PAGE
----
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Contxto – Nubank is the world’s biggest challenger bank in the world. So, perhaps we shouldn’t be surprised that the company is doing big things all over the place. However, I don’t believe in coincidences, so let’s have a look at what Nu’s been doing over the past week.
A first international M&A for Nubank
Mind you this wasn’t the first-ever acquisition carried out by Nubank. Indeed, the Brazilian challenger is an old hand at that. Just a few months ago, in early January, it acqui-hired Plataformatec and its team of engineers.
Plataformatec, a Brazilian consulting firm, was Nubank’s first acquisition, because the bank wanted to tap into its pool of talented engineers and developers.
Interestingly, this week’s announcement marked a departure but also a pattern in Nubank’s behavior. The acquisition was its first foray into the wider world, but North Carolina-based Cognitect also happens to be a software consulting firm.
In this acqui-hire of Cognitect’s team of 20, the challenger is after the American consultant’s database and programming language, Datomic and Clojure. These the bank uses to carry out delicate auditing processes, which it will now be able to do in-house.
But that’s not all the challenger bank did this week.
Mexico gets new credit line
Closer to home, I jumped on a video call with Iván Canales, Nu’s Head of Product in Mexico, to discuss the launch of what they’re calling a “reinvention” of interest-free monthly installments.
What the product actually consists of is some nifty data visualization and creative financing. It is consistent with the neo-/challenger bank ethos of “transparency and democratization”.
- Related articles: Challenger and neo-banks in Brazil
However, it’s perhaps not the revolution the folks at Nu are trying to make it seem. In the end, what they are doing is giving customers who have bought goods via interest-free monthly installments the option to pay in advance and get a discount on their final tab.
Even though they don’t spell it out, I think I can taste what the secret sauce is made of here:
Even if the customer isn’t, someone somewhere along the supply chain is paying interests. Through alliances with the likes of Amazon, Nu is using its clout to pay for these goods in advance, cutting the costs of these interest payments and passing the savings onto judicious customers.
Helpful with those who struggle with credit? Yes. Revolutionary? We’ll see.
In the end, the “reinvention” is a bit of marketing bluster, no doubt, but also interesting in its timing.
So, here’s the deal. There have been whispers about the fact that Nubank has raised a Series G round worth US$300 million. CB Insights just went straight ahead and reported it as a fait accompli:
The problem is, even though we’ve asked various people at Nubank, the response has been the same:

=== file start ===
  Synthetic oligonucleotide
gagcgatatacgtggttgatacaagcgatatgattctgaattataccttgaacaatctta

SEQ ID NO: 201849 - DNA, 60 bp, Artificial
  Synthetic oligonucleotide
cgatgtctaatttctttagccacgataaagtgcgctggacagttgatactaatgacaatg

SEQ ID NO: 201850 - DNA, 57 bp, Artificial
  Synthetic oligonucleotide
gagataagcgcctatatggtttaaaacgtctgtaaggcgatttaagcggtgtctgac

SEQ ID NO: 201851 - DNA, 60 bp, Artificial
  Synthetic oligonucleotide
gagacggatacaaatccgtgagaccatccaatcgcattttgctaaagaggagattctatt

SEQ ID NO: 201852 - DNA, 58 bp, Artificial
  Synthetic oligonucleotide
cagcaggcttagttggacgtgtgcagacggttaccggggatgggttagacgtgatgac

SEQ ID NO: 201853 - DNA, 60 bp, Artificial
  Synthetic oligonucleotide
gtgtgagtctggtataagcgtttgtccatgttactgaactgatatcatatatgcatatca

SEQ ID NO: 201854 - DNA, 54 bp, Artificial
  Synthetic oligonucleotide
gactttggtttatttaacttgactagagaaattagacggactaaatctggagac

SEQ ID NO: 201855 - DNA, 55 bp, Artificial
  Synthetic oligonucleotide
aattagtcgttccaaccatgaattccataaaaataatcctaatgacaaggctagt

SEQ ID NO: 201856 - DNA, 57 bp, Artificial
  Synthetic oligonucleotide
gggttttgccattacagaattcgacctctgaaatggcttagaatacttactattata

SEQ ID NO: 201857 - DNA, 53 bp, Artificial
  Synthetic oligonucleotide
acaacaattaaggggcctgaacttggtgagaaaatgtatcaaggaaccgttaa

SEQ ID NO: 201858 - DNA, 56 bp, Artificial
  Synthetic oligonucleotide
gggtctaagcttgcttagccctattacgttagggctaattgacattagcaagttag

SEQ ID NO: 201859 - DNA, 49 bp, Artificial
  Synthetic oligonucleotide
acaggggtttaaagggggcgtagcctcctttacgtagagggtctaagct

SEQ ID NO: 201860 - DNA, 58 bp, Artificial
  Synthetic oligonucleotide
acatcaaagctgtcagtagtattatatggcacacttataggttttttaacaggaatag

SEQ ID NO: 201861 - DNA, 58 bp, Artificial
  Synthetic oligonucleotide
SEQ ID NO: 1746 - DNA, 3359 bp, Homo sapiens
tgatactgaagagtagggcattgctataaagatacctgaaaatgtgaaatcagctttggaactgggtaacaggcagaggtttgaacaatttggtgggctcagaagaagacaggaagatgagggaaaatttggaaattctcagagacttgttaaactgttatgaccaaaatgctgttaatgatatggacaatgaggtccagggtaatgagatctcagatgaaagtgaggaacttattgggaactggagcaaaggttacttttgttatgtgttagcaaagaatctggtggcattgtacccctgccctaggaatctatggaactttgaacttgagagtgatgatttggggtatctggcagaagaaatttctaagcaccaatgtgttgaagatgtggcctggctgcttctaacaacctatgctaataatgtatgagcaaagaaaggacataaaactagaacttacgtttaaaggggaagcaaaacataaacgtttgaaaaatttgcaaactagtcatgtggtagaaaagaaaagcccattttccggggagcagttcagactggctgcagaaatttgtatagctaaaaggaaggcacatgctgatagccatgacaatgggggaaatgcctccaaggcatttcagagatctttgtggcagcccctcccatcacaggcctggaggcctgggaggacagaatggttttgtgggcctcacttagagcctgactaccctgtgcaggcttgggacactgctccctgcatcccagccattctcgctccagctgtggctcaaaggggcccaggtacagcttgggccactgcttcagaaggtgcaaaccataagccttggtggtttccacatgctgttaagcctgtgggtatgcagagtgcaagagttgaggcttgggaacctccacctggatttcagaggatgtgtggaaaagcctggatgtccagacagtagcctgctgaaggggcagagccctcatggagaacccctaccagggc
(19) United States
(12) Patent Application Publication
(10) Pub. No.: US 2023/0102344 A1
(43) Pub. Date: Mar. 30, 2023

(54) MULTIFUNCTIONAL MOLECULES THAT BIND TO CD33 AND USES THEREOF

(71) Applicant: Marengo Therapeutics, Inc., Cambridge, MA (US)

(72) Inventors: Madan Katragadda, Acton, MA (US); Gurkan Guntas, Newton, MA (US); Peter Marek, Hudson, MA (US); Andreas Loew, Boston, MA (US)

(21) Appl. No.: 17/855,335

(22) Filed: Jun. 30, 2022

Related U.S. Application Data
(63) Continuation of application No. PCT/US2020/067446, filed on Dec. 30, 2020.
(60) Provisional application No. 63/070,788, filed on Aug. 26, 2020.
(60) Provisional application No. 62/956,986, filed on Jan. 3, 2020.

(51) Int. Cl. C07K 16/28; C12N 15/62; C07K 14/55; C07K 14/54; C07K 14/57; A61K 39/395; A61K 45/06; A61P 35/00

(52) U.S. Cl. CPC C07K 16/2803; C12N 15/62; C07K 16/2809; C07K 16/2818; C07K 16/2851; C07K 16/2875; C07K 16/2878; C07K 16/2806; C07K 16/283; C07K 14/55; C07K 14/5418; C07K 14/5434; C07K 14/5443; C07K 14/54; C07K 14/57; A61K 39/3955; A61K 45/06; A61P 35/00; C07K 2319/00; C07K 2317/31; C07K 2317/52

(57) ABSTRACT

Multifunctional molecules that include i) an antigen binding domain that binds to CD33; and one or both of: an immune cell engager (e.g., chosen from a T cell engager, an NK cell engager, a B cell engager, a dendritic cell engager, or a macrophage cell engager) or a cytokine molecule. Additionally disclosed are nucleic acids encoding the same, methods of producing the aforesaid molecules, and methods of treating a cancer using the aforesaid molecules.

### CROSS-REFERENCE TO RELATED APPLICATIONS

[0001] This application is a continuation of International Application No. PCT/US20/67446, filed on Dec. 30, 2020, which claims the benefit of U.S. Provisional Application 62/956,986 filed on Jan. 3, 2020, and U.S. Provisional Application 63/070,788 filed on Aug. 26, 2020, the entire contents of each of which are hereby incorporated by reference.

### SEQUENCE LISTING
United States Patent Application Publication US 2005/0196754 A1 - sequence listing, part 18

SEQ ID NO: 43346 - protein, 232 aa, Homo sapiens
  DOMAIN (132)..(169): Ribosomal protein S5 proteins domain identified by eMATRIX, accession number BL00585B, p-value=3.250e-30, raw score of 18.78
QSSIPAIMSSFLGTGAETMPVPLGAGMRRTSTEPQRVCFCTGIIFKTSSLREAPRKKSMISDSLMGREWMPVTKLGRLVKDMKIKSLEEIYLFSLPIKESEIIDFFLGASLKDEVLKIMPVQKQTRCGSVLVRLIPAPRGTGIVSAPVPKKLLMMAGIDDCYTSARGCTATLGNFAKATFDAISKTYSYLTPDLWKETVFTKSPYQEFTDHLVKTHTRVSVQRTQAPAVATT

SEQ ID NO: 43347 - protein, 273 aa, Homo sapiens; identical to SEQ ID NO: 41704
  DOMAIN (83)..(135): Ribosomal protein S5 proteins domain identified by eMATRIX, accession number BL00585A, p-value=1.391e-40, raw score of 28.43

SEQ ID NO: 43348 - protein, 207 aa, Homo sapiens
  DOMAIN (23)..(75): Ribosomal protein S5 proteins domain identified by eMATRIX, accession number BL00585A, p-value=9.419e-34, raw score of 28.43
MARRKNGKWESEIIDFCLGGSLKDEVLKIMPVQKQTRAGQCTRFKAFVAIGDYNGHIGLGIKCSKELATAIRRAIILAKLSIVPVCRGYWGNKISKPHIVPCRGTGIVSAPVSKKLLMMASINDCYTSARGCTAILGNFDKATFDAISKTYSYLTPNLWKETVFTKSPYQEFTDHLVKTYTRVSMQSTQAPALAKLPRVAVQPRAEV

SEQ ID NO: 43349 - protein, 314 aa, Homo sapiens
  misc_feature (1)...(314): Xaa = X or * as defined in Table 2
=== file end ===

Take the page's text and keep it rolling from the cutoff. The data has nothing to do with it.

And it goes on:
I was thus stonewalled by Iván Canales during our interview, as well as by the company’s Mexican Head of PR. Nothing.
So, satisfied with the answer we packed our bags and called it a day and… Obviously, we reached out to David Velez, Founder and CEO at Nubank. But the response from him and his Brazilian press team was the same.
The company’s activity spree—the product launch, the acquisition of a US company, the continuous growth—might hint at the fact that there is quite a lot of money suddenly in the bank’s pocket.
But, my main interest was in the three-line-whip the company has instituted regarding the Series G question. So, am I being paranoid or is there something to this uniform stonewalling?
Nubank raises questions
Let’s go point by point:
Regional or country managers in Mexico will likely get wind of major deals, but yet not details and told to keep quiet, lest they want to risk their jobs. Because so few people would know, it would be pretty clear who spilled the beans if, say, a Mexican mediatech focused on Latam startups broke the story.
Further up the scale, in most companies, big funding deals or any strategic moves are often just known to the CEO, CFO, and board. Rarely will anyone outside of these folks will know of deals.
Ultimately, it is very unlikely that they’ll tell us anything about the deal until the ink has dried on the legal documents. These are delicate moments in the funding negotiations (if they are happening) and it is not uncommon for deals to fall through at the last moment.
So, in the end, I can only ask the big questions if this whole Series G business ends up being true:
- Why raise a smaller Series G than their US$400 million Series F? Is this a downround, perhaps?
- What will the money go to?
- Will we ever see another Latam scaleup show an interest in launching a US IPO (Initial Public Offering)? Is the future public or private?
So, there you have it. A lot of activity above and below board, and a lot of questions. When Nubank will talk to us, we’ll let you know what they answered.